Olympus Mons, Mars, computer illustration.


Olympus Mons, Mars, computer illustration.



Want the Ultimate Off-the-Grid Challenge? Try Mars

Mars is the ultimate off-the-grid experience--far grittier, far harder, and far… redder than even the most remote locations on planet Earth. Let’s break down some of the challenges that people will have to face in order to survive and thrive on our neighbor in the solar system.

December 03, 2020

Elon Musk, the CEO of Tesla and SpaceX, really wants to go to Mars. As in, actually live the rest of his days (which would presumably be more than one) on the red planet. In fact, the stated goal of his SpaceX company is to design, build, and launch the tickets necessary to enable a colony on Mars. Let’s break down some of the challenges that Musk and co. will have to face in order to survive and thrive on our neighbor in the solar system.


On the Earth, no matter how far off the grid you are, you’re never more than a few thousand miles away from anything else. Take, for instance, the Amundsen-Scott Research Station located at the Earth’s literal south pole. A few dozen people live there doing some pretty cool fundamental research. It’s about as off-the-grid as you can get and still call yourself an Earthling, and it’s a mere 850 miles away from McMurdo, the main coastal base/town in Antarctica. But Mars? Mars is on average 47 million miles away. Our best rockets take about nine months to just to get there and that’s only every two years when our orbits line up. Mars isn’t off the grid, it’s off the map.

No Air


Photo by: Derek Berwin

Derek Berwin

I mean, there’s some air on Mars, but you’re not going to like it. Go wherever you want on the surface of the Earth, as far away from human civilization as you like, and you can still count on a good old fashioned breath of fresh O2 to fill your lungs. You simply don’t have to worry about it. Even mountain climbers on Everest can get some air. But Mars? Mars has only a feeble 1% of the air pressure of the Earth, and it’s not made of friendly oxygen or even neutral nitrogen. The air on Mars is almost entirely carbon dioxide, which isn’t too friendly to animals like us. So even if you could breath it, you wouldn’t want to.

No Water

At least, not the liquid kind. But there is plenty of frozen water at the poles of Mars and likely under the surface. So at least in this one respect, the red planet gets a slight advantage over, say, the middle of the Sahara.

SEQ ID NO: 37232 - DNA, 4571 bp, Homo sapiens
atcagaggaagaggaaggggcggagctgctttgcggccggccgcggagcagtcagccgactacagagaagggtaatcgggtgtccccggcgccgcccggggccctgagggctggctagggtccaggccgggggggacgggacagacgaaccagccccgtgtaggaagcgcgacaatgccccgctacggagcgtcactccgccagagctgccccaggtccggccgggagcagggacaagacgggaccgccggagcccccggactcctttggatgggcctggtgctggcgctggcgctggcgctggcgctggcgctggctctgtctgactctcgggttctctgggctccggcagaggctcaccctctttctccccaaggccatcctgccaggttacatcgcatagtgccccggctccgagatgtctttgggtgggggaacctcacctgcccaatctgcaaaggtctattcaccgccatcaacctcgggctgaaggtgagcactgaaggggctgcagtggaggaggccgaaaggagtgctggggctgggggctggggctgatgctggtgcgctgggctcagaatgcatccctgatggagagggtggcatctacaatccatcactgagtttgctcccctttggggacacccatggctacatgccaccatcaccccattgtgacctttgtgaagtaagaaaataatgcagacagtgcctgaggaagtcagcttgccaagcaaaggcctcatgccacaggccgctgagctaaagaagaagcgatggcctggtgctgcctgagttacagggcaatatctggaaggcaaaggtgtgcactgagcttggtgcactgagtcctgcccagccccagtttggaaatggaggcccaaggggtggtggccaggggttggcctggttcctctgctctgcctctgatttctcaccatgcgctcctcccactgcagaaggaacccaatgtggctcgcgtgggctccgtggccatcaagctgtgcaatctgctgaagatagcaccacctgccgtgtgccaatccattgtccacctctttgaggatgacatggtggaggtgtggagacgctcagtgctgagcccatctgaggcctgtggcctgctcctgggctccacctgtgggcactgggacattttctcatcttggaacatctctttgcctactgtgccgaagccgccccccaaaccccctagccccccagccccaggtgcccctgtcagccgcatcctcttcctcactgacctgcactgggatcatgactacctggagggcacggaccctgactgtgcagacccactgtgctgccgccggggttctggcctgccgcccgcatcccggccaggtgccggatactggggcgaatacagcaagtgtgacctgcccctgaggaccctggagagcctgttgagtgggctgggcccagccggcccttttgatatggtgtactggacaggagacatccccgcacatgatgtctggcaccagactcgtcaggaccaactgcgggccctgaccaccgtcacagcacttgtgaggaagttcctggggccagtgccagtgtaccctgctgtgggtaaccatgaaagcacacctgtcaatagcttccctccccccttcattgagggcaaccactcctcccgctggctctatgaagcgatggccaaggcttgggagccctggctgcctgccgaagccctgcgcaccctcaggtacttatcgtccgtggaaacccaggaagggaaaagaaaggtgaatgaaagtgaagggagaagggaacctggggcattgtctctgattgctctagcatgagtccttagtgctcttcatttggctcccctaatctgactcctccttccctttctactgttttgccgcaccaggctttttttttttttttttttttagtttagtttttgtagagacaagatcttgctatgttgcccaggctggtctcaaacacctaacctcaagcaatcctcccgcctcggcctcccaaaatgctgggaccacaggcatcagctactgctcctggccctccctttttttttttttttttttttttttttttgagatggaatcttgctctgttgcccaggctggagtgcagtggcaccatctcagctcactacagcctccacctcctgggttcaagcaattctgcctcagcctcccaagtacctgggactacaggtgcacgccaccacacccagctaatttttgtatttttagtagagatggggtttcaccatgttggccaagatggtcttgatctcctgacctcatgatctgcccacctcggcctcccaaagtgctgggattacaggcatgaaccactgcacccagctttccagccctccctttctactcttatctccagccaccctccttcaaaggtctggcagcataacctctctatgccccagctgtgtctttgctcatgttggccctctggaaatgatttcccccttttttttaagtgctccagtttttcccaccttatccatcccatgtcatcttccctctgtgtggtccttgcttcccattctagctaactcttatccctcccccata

No Sun

Yes, Mars does get a dose of sunlight during its 25-hour day (and you bet that the extra hour every day is going to mess with your daily routine), but it only reaches a peak of about 60% of what the Earth gets – and usually less. Since there are no fossil fuels on Mars and no handy nuclear fuels (and also no opportunity for air turbines or windmills), solar power is the only power on that planet. You better pack some extra photovoltaic cells, because you’re gonna need them.


3D rendered Illustration of the surface of Planet Mars


3D rendered Illustration of the surface of Planet Mars

Photo by: Westend61


There are some advantages of Mars being a bit smaller than Earth, resulting in a surface gravity only 40% of what we’re used to. For example, if you drop your fork, it will fall slowly enough for you to catch it. And trampolines are going to be 2.5x more awesome. But that lack of gravity can seriously mess with your heart, bones, and circulatory system. You better hit the gym every day (and likely stay there for a good chunk of every day) if you ever hope to return to regular-gravity Earth. Otherwise, you’ll just be a blob.


If you’re a fan of vast, endless expanses of slightly red sand, then Mars is your paradise. But if you prefer sandy beaches, loamy soil, bountiful mineral deposits, or literally anything else, then Mars is going to disappoint. The surface of Mars lacks just about everything useful needed for the modern civilized society, meaning that if you want it on Mars, you have to bring it to Mars. All 47 million miles, no cheating.

Have fun.

Paul M. Sutter

Paul M. Sutter is an astrophysicist at Stony Brook University and the Flatiron Institute, host of Ask a Spaceman and Space Radio, and author of How to Die in Space.

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